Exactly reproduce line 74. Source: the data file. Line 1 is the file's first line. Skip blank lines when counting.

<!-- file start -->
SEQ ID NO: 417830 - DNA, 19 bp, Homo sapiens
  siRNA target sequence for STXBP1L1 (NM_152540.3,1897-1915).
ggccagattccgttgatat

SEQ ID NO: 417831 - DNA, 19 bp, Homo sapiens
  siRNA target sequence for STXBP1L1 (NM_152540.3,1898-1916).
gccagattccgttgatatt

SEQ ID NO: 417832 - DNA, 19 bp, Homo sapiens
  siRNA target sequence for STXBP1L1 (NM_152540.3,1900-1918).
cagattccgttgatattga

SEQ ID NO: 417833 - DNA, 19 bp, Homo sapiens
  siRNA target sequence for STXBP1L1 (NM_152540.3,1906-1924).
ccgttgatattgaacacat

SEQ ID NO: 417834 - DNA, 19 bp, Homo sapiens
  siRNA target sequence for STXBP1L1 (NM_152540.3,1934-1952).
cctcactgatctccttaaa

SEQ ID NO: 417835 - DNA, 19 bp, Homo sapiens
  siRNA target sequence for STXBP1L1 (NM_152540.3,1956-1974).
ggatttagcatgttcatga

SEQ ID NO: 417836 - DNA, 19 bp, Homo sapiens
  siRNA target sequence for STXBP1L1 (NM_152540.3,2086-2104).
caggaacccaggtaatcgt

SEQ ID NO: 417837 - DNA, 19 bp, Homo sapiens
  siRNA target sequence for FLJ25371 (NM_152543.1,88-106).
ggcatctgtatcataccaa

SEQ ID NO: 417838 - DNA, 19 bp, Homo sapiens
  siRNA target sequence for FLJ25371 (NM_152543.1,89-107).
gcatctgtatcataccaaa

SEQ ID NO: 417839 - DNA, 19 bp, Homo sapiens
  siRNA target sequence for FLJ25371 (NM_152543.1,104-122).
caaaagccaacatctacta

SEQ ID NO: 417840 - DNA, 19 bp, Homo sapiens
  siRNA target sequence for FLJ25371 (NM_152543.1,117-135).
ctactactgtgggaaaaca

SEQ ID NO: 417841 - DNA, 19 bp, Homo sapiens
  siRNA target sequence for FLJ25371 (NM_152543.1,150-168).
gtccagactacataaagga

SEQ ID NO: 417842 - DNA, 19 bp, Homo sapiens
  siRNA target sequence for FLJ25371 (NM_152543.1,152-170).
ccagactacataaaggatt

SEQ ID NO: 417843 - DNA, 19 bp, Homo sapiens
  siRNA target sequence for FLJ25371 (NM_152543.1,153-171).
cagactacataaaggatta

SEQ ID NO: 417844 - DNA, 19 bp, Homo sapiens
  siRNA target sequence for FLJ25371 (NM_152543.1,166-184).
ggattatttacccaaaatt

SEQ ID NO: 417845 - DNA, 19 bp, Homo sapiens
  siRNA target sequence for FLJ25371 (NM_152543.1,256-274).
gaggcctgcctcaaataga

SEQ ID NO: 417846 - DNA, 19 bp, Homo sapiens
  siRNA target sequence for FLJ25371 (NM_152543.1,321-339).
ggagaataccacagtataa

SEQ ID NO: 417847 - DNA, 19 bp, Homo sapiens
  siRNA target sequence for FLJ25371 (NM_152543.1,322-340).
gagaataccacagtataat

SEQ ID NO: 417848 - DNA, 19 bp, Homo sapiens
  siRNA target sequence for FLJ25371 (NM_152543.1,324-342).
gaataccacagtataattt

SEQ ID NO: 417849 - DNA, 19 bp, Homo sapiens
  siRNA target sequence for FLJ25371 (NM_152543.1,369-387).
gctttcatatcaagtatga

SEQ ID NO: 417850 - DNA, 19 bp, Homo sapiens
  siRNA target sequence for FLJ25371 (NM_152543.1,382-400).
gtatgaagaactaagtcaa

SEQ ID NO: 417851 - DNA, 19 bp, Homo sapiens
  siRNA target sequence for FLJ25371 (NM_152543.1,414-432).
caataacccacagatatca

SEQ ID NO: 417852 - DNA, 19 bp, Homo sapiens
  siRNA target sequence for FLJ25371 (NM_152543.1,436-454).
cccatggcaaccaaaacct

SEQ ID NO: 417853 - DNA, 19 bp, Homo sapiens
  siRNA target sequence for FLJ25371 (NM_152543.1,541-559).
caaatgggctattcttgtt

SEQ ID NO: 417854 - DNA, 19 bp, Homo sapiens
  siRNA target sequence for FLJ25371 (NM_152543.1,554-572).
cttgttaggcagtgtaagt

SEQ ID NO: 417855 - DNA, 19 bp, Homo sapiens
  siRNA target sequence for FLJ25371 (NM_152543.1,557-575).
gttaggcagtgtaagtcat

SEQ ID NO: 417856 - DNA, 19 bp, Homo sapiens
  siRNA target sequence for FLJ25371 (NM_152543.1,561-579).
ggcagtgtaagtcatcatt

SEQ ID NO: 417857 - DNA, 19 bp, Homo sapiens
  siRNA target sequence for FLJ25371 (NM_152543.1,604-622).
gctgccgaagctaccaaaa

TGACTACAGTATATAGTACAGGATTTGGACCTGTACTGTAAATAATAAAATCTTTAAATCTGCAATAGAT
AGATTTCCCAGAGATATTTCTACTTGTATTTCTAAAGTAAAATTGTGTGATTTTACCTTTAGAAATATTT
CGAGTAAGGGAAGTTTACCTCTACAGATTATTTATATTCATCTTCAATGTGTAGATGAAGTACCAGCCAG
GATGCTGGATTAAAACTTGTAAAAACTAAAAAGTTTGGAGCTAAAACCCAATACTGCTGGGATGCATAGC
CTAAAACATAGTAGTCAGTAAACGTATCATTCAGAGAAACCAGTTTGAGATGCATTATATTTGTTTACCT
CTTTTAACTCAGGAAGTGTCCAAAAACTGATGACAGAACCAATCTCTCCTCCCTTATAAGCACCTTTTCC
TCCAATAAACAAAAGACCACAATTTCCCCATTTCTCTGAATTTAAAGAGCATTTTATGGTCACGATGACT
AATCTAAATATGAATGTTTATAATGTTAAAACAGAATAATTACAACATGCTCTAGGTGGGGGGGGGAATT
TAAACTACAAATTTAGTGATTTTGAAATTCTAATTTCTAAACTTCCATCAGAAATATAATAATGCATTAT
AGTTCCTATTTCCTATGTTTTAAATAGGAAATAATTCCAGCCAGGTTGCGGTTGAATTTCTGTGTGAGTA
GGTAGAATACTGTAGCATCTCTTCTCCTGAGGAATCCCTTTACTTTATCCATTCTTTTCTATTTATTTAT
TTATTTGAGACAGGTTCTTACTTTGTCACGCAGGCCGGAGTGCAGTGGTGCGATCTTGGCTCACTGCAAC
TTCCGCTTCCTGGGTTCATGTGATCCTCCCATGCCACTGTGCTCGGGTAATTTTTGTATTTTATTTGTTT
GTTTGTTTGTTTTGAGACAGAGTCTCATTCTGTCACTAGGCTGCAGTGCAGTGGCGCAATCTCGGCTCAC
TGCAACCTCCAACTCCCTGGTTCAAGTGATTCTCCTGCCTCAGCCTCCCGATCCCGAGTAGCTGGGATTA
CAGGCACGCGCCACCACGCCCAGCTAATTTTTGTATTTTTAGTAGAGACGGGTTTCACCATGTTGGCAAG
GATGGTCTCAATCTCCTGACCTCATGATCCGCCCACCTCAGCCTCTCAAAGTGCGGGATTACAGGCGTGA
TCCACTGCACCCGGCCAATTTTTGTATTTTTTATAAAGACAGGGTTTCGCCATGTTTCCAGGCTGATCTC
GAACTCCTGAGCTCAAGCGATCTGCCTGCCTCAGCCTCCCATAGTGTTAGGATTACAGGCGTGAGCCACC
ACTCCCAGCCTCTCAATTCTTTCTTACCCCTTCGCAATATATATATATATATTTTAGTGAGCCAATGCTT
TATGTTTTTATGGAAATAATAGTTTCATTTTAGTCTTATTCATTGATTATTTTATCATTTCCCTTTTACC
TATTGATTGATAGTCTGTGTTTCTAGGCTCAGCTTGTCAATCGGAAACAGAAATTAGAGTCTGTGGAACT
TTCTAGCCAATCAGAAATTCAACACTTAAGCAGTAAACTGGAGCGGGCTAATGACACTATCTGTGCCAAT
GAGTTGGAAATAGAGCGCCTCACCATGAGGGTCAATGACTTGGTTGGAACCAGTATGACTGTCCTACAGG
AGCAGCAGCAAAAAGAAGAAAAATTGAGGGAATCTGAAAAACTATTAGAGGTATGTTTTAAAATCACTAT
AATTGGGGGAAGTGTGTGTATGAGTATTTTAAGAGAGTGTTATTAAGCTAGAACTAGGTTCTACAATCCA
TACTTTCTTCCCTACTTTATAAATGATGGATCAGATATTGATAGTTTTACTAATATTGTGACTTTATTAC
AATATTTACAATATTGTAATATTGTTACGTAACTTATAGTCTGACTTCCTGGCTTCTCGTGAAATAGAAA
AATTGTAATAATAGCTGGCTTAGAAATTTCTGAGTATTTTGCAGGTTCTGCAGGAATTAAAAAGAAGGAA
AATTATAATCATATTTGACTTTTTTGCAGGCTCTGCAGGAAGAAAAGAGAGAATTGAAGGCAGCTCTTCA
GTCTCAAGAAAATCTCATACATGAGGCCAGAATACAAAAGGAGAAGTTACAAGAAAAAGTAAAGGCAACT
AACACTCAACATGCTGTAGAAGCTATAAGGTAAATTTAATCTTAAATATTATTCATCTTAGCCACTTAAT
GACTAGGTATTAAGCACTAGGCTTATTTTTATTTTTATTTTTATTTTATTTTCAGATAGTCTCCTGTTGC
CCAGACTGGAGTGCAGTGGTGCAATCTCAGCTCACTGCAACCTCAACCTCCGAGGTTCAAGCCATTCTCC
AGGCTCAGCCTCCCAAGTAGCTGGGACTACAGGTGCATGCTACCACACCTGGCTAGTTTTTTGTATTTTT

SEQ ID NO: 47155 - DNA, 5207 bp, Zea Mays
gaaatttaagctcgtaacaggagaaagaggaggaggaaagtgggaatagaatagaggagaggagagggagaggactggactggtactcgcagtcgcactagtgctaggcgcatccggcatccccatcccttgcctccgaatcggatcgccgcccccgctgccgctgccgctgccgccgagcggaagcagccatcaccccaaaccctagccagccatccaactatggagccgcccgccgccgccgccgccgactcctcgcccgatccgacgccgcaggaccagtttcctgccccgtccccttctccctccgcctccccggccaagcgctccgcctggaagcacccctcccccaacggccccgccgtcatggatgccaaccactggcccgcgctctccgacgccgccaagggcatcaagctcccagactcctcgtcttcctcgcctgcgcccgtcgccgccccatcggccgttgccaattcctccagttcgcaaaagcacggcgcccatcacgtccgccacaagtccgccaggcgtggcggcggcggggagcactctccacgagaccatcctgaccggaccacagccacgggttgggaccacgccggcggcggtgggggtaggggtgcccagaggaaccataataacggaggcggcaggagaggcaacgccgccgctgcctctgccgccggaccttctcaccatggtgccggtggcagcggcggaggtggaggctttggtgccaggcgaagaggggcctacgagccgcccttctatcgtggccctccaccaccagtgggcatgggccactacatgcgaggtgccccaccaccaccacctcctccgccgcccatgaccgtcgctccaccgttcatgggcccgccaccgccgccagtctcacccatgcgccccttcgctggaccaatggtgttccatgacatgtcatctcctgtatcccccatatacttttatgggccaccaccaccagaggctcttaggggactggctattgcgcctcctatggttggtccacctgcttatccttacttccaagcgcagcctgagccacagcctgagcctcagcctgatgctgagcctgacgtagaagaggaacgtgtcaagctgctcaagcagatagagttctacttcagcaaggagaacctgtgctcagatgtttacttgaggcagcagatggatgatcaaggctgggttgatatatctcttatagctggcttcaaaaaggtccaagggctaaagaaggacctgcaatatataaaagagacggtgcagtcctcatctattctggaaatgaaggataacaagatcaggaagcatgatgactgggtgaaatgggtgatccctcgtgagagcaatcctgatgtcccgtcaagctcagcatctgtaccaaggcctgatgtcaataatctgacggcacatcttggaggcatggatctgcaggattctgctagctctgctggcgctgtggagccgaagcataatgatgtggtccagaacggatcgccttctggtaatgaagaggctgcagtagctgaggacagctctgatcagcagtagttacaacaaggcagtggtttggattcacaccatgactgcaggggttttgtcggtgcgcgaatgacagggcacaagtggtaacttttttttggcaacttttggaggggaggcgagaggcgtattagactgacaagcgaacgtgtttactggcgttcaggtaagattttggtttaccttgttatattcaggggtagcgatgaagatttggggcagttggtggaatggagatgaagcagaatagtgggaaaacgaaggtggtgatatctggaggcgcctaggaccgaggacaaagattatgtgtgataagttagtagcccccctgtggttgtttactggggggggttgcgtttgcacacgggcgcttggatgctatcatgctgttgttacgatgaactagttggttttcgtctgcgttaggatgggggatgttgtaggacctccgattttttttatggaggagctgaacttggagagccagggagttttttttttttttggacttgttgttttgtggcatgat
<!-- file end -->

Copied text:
  siRNA target sequence for FLJ25371 (NM_152543.1,554-572).